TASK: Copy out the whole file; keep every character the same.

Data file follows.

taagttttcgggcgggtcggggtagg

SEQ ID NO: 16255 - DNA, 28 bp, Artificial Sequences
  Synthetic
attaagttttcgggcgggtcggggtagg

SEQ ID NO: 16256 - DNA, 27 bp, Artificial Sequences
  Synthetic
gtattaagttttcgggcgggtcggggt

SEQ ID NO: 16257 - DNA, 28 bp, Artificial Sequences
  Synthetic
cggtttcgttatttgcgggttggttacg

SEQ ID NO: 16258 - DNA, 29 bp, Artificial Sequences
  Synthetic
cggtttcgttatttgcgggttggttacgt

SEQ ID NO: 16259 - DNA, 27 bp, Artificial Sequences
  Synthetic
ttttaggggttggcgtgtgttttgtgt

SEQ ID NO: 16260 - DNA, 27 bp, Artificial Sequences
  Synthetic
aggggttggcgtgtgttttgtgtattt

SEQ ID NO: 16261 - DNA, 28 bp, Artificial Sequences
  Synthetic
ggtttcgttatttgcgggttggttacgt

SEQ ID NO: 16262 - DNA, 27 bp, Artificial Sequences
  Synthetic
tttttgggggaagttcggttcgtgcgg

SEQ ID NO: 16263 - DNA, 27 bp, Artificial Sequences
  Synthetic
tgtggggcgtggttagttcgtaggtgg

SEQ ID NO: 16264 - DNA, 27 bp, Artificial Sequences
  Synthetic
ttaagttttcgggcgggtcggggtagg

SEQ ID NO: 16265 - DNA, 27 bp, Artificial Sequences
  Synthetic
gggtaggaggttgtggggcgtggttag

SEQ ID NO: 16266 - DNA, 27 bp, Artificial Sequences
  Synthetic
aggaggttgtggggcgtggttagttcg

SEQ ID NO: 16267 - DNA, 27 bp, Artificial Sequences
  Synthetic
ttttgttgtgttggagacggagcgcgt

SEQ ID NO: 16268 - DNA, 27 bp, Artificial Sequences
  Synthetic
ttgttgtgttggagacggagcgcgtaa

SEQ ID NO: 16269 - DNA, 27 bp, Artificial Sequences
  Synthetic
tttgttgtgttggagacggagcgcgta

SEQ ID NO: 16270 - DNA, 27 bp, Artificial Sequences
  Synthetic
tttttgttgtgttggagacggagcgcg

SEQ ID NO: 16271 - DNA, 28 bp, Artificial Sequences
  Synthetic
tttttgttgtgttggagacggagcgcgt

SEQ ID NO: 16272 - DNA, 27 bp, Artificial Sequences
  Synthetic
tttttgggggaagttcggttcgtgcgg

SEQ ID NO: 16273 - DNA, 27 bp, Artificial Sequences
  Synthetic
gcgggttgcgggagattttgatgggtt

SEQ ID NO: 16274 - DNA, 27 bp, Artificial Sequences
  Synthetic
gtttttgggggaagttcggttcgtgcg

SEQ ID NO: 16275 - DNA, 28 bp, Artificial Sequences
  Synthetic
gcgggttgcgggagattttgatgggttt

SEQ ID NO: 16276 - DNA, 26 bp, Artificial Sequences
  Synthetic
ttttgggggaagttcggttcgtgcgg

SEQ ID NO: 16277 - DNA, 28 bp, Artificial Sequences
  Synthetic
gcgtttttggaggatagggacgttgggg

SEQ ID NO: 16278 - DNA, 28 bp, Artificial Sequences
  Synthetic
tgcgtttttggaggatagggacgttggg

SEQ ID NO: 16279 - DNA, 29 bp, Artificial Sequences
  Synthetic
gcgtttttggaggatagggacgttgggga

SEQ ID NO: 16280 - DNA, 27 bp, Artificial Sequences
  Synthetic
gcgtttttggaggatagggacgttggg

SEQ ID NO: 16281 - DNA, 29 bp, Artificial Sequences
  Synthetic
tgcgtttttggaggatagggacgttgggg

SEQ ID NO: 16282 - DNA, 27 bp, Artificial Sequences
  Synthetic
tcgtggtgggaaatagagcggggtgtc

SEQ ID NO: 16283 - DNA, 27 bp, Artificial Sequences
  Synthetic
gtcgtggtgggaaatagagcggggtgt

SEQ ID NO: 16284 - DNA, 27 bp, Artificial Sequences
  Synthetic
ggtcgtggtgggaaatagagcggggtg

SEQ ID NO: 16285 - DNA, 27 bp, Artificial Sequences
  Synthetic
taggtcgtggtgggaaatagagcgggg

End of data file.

taagttttcgggcgggtcggggtagg

SEQ ID NO: 16255 - DNA, 28 bp, Artificial Sequences
  Synthetic
attaagttttcgggcgggtcggggtagg

SEQ ID NO: 16256 - DNA, 27 bp, Artificial Sequences
  Synthetic
gtattaagttttcgggcgggtcggggt

SEQ ID NO: 16257 - DNA, 28 bp, Artificial Sequences
  Synthetic
cggtttcgttatttgcgggttggttacg

SEQ ID NO: 16258 - DNA, 29 bp, Artificial Sequences
  Synthetic
cggtttcgttatttgcgggttggttacgt

SEQ ID NO: 16259 - DNA, 27 bp, Artificial Sequences
  Synthetic
ttttaggggttggcgtgtgttttgtgt

SEQ ID NO: 16260 - DNA, 27 bp, Artificial Sequences
  Synthetic
aggggttggcgtgtgttttgtgtattt

SEQ ID NO: 16261 - DNA, 28 bp, Artificial Sequences
  Synthetic
ggtttcgttatttgcgggttggttacgt

SEQ ID NO: 16262 - DNA, 27 bp, Artificial Sequences
  Synthetic
tttttgggggaagttcggttcgtgcgg

SEQ ID NO: 16263 - DNA, 27 bp, Artificial Sequences
  Synthetic
tgtggggcgtggttagttcgtaggtgg

SEQ ID NO: 16264 - DNA, 27 bp, Artificial Sequences
  Synthetic
ttaagttttcgggcgggtcggggtagg

SEQ ID NO: 16265 - DNA, 27 bp, Artificial Sequences
  Synthetic
gggtaggaggttgtggggcgtggttag

SEQ ID NO: 16266 - DNA, 27 bp, Artificial Sequences
  Synthetic
aggaggttgtggggcgtggttagttcg

SEQ ID NO: 16267 - DNA, 27 bp, Artificial Sequences
  Synthetic
ttttgttgtgttggagacggagcgcgt

SEQ ID NO: 16268 - DNA, 27 bp, Artificial Sequences
  Synthetic
ttgttgtgttggagacggagcgcgtaa

SEQ ID NO: 16269 - DNA, 27 bp, Artificial Sequences
  Synthetic
tttgttgtgttggagacggagcgcgta

SEQ ID NO: 16270 - DNA, 27 bp, Artificial Sequences
  Synthetic
tttttgttgtgttggagacggagcgcg

SEQ ID NO: 16271 - DNA, 28 bp, Artificial Sequences
  Synthetic
tttttgttgtgttggagacggagcgcgt

SEQ ID NO: 16272 - DNA, 27 bp, Artificial Sequences
  Synthetic
tttttgggggaagttcggttcgtgcgg

SEQ ID NO: 16273 - DNA, 27 bp, Artificial Sequences
  Synthetic
gcgggttgcgggagattttgatgggtt

SEQ ID NO: 16274 - DNA, 27 bp, Artificial Sequences
  Synthetic
gtttttgggggaagttcggttcgtgcg

SEQ ID NO: 16275 - DNA, 28 bp, Artificial Sequences
  Synthetic
gcgggttgcgggagattttgatgggttt

SEQ ID NO: 16276 - DNA, 26 bp, Artificial Sequences
  Synthetic
ttttgggggaagttcggttcgtgcgg

SEQ ID NO: 16277 - DNA, 28 bp, Artificial Sequences
  Synthetic
gcgtttttggaggatagggacgttgggg

SEQ ID NO: 16278 - DNA, 28 bp, Artificial Sequences
  Synthetic
tgcgtttttggaggatagggacgttggg

SEQ ID NO: 16279 - DNA, 29 bp, Artificial Sequences
  Synthetic
gcgtttttggaggatagggacgttgggga

SEQ ID NO: 16280 - DNA, 27 bp, Artificial Sequences
  Synthetic
gcgtttttggaggatagggacgttggg

SEQ ID NO: 16281 - DNA, 29 bp, Artificial Sequences
  Synthetic
tgcgtttttggaggatagggacgttgggg

SEQ ID NO: 16282 - DNA, 27 bp, Artificial Sequences
  Synthetic
tcgtggtgggaaatagagcggggtgtc

SEQ ID NO: 16283 - DNA, 27 bp, Artificial Sequences
  Synthetic
gtcgtggtgggaaatagagcggggtgt

SEQ ID NO: 16284 - DNA, 27 bp, Artificial Sequences
  Synthetic
ggtcgtggtgggaaatagagcggggtg

SEQ ID NO: 16285 - DNA, 27 bp, Artificial Sequences
  Synthetic
taggtcgtggtgggaaatagagcgggg